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Rescuers examine building destroyed by the earthquake

Irishman feared trapped under building following New Zealand earthquake

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Rescuers examine building destroyed by the earthquake

Read more: Irish rescuer a hero in New Zealand earthquake

A 40-year-old Kerryman has been confirmed missing in New Zealand after Tuesday’s earthquake in the city of Christchurch.

The family of the Irishman who was living in New Zealand have confirmed that he was working in the PGG Building in the city when it collapsed during Tuesday’s earthquake.

A native of Kerry, the man hails from Abbeydorney in Co. Kerry, where his mother still resides.
He had made the move to New Zealand from London with his wife and their two-year-old son last September and began working in the PGG Building as an accountant shortly before Christmas.

His wife is expecting their second child in May. There has been no contact with the man since the building collaped last Tuesday.

Speaking to RTE News, members of the missing man’s family in Abbeydorney said they remain hopeful and that they are praying he is safe.

So far there are a total of 17 Irish people unaccounted for.

On Wednesday it was confirmed that Monaghan man Owen McKenna from Co. Monaghan had been killed. He was in his early 40s and married with two children.

Meanwhile, two Dublin sisters living in Christchurch have told of their lucky escape from the center of the devastating earthquake.

Leah Heron, who works in Christchurch City Council was about to go on her break when the tremors began.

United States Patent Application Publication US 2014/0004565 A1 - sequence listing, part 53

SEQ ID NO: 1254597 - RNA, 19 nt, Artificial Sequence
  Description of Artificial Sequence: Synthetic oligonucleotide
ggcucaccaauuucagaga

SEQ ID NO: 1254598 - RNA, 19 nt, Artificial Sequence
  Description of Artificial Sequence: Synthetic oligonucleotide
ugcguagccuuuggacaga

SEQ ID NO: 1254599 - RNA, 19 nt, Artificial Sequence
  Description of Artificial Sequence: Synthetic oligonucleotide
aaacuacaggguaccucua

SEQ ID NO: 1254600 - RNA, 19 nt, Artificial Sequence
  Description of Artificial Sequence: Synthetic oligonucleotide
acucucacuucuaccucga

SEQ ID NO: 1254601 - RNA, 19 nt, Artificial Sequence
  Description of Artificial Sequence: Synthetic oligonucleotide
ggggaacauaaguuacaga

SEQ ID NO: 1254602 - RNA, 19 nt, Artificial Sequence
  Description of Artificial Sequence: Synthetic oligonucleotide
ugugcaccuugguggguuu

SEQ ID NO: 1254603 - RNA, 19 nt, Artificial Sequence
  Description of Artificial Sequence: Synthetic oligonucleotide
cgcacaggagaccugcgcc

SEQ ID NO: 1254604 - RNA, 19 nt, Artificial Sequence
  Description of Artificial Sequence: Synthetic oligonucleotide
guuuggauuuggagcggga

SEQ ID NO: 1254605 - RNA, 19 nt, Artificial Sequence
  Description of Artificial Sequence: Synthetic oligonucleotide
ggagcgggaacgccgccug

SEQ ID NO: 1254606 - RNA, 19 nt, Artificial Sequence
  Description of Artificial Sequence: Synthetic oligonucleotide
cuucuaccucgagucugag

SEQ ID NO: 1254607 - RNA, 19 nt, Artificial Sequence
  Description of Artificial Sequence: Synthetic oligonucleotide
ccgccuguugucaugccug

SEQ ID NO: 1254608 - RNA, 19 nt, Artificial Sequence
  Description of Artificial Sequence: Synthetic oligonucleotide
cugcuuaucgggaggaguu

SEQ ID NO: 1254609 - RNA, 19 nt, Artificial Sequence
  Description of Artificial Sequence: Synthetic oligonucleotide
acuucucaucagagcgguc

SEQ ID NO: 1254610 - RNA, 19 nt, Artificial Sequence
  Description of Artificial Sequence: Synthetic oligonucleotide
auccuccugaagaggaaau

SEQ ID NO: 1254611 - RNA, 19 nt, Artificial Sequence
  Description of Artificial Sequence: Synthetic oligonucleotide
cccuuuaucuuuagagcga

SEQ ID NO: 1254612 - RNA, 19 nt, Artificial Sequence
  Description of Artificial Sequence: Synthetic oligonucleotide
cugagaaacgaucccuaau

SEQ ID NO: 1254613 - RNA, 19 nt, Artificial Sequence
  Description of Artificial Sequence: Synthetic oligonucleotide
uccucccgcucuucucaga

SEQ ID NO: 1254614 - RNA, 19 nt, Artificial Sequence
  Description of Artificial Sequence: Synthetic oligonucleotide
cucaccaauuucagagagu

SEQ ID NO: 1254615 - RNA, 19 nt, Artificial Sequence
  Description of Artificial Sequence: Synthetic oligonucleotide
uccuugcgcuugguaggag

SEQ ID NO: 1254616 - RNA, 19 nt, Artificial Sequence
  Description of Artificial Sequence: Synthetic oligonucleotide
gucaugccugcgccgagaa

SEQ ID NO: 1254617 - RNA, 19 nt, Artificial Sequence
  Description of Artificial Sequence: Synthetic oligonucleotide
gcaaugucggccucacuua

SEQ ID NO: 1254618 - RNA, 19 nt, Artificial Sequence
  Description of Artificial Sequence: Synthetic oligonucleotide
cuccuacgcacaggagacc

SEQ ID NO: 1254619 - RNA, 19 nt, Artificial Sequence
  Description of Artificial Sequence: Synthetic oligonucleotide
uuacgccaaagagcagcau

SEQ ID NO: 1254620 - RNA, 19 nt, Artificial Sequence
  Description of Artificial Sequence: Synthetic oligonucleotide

"The whole building started to shake. I stood up to run but it was too strong," she told the “Herald.”
"I got underneath my desk ... computers and filing cabinets fell to the ground, the windows were smashed.

"It lasted about 30 seconds and then everyone started to run for the exit. It was chaotic. We went down the fire escape and there were bricks falling everywhere.

"About a minute later, a violent aftershock happened. More buildings started to crumble. We just ran as fast as we could into open space. There were whole buildings flattened in the centre of town. It was very still and quiet for a few seconds ... just horrific," she added.

Heron’s sister Emily, 27, was at home when the earthquake struck and says that he entire building began to shake.

"I had just had lunch and sat down on the couch and the house started shaking. I jumped up and ran into the bedroom and got into the wardrobe," Emily says.

"I can't even remember doing it. It was so scary. When it stopped, I tried to go out the back door but it was jammed. The streets were filled with water and sewage and whole cars were swallowed up."

Read more: Irish rescuer a hero in New Zealand earthquake


 

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